Thanks for writing this! Would "fine-tune on some downstream task and measure the accuracy on that task before and after fine-tuning" count as measuring misalignment as you're imagining it? My sense is that there might be a bunch of existing work like that.
This RFP is an experiment for us, and we don't yet know if we'll be doing more of them in the future. I think we'd be open to including research directions we think that are promising that apply equally well to both DL and non-DL systems-- I'd be interested in hearing any particular suggestions you have.(We'd also be happy to fund particular proposals in the research directions we've already listed that apply to both DL and non-DL systems, though we will be evaluating them on how well they address the DL-focused challenges we've presented.)
Getting feedback in the next week would be ideal; September 15th will probably be too late.Different request for proposals!
Thank you so much for writing this! I've been confused about this terminology for a while and I really like your reframing.An additional terminological point that I think it would be good to solidify is what people mean when they refer to "inner alignment" failures. As you alude to, my impression is that some people use it to refer to objective robustness failures, broadly, whereas others (e.g. Evan) use it to refer to failures that involve mesa optimization. There is then additional confusion around whether we should think "inner alignment" failures that ... (read more)
Planned summary for the Alignment Newsletter:
This post describes the author’s insights from extrapolating the performance of GPT on the benchmarks presented in the <@GPT-3 paper@>(@Language Models are Few-Shot Learners@). The author compares cross-entropy loss (which measures how good a model is at predicting the next token) with benchmark performance normalized to the difference between random performance and the maximum possible performance. Since <@previous work@>(@Scaling Laws for Neural Language Models@) has shown that cross-entropy loss s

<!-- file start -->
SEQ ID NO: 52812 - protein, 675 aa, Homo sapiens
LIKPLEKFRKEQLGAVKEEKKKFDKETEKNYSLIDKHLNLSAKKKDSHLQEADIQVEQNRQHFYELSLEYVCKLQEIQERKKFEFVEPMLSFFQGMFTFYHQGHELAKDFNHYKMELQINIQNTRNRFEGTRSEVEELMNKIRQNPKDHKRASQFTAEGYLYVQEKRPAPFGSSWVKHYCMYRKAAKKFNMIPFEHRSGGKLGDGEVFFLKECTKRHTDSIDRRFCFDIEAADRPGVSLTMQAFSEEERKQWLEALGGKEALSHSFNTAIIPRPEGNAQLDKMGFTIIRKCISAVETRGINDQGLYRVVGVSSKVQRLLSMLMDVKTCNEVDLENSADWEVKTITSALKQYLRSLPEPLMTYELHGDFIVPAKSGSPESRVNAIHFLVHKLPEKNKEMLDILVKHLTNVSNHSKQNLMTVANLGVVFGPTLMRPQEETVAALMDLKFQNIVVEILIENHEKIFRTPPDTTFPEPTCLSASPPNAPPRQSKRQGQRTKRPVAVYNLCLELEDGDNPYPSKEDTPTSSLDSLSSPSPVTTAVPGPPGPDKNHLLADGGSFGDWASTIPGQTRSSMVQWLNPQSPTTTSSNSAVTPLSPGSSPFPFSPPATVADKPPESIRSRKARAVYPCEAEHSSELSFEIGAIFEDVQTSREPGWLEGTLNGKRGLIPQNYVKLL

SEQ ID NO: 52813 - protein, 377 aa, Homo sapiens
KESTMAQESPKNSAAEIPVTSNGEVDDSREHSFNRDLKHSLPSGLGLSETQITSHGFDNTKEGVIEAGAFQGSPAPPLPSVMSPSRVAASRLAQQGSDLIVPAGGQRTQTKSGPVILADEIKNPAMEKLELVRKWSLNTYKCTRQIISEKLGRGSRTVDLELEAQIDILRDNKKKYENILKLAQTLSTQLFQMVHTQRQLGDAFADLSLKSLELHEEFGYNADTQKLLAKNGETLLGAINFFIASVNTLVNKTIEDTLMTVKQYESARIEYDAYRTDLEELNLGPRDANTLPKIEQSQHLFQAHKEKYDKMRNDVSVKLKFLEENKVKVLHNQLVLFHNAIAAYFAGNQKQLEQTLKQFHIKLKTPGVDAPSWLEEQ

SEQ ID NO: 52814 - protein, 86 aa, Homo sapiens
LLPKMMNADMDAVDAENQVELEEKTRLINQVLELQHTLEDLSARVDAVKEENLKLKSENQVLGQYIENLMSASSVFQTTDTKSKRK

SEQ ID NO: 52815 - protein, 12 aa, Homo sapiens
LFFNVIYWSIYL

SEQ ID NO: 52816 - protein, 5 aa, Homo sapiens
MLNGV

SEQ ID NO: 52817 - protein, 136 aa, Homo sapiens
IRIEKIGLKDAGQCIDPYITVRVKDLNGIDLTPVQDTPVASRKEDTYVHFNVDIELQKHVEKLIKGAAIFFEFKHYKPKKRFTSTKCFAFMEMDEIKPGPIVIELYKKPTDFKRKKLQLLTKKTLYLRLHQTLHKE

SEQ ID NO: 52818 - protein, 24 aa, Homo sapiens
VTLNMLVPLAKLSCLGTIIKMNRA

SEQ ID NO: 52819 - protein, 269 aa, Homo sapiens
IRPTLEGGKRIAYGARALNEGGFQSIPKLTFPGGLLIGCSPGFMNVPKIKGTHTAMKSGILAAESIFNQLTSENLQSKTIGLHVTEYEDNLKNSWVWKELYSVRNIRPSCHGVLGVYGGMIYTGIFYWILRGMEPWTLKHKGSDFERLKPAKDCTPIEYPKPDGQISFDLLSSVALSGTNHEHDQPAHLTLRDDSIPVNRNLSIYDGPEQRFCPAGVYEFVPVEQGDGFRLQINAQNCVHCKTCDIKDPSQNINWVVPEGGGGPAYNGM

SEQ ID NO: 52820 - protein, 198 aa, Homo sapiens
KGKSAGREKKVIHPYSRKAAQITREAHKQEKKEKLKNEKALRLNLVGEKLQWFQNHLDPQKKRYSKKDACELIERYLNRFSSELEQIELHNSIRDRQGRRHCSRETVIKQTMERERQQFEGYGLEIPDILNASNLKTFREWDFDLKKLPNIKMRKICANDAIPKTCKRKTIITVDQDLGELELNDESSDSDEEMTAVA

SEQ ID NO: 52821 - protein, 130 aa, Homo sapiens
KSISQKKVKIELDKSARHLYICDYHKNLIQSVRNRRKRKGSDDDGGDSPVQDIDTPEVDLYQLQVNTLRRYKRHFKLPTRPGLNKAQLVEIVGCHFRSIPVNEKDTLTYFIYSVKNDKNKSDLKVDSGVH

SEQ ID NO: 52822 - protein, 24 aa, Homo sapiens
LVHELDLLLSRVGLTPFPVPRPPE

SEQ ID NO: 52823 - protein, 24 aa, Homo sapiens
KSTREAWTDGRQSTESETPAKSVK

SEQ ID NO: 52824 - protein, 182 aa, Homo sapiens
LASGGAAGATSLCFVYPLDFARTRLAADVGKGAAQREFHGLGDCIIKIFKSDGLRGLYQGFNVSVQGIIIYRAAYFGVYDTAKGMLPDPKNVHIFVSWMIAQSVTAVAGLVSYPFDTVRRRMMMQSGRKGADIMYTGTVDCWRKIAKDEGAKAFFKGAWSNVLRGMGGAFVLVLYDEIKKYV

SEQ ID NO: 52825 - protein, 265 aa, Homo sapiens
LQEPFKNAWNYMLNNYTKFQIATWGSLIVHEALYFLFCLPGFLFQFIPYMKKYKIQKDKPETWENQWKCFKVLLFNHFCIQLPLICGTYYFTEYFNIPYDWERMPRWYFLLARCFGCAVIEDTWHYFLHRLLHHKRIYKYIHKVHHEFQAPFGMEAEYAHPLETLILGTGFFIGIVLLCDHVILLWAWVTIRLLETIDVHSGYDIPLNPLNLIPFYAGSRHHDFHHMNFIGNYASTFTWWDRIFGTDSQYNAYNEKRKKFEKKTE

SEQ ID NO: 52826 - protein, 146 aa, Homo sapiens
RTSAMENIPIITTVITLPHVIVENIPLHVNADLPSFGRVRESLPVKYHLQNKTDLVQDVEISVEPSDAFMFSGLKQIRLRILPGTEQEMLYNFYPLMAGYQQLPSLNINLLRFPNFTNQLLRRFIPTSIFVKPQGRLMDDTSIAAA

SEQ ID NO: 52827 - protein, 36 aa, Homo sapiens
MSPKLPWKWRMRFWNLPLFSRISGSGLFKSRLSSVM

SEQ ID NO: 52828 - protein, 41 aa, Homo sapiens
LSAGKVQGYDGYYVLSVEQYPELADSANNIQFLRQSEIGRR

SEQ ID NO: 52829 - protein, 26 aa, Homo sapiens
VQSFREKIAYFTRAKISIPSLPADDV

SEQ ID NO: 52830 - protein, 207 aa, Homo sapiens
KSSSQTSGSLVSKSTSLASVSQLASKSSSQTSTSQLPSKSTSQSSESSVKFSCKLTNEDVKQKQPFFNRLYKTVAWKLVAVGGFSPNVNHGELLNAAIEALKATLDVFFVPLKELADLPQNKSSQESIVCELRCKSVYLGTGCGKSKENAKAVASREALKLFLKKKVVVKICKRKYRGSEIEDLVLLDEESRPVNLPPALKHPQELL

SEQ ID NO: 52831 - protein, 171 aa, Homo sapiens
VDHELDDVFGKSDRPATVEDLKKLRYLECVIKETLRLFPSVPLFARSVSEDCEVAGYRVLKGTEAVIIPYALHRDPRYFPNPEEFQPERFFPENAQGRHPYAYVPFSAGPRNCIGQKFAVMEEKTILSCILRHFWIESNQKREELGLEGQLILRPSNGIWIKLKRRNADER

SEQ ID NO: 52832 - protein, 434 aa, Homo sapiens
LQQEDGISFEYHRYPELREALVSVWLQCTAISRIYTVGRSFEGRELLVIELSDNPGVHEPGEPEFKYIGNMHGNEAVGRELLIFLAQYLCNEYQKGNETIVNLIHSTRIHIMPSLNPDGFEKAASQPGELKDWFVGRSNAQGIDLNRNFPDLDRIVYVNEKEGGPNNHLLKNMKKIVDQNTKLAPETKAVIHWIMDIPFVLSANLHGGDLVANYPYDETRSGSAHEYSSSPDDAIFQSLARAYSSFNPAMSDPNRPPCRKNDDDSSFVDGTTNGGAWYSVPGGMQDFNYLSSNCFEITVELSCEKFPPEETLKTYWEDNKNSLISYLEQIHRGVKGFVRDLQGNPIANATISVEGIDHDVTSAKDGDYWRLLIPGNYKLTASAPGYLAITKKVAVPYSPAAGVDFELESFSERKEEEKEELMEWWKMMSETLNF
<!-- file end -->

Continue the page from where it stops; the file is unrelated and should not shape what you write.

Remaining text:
AI Impacts now has a 2020 review page so it's easier to tell what we've done this year-- this should be more complete / representative than the posts listed above. (I appreciate how annoying the continuously updating wiki model is.)
From Part 4 of the report:
Nonetheless, this cursory examination makes me believe that it’s fairly unlikely that my current estimates are off by several orders of magnitude. If the amount of computation required to train a transformative model were (say) ~10 OOM larger than my estimates, that would imply that current ML models should be nowhere near the abilities of even small insects such as fruit flies (whose brains are 100 times smaller than bee brains). On the other hand, if the amount of computation required to train a transformative model were
So exciting that this is finally out!!!
I haven't gotten a chance to play with the models yet, but thought it might be worth noting the ways I would change the inputs (though I haven't thought about it very carefully):
I'm a bit confused about this as a piece of evidence-- naively, it seems to me like not carrying the 1 would be a mistake that you would make if you had memorized the pattern for single-digit arithmetic and were just repeating it across the number. I'm not sure if this counts as "memorizing a table" or not.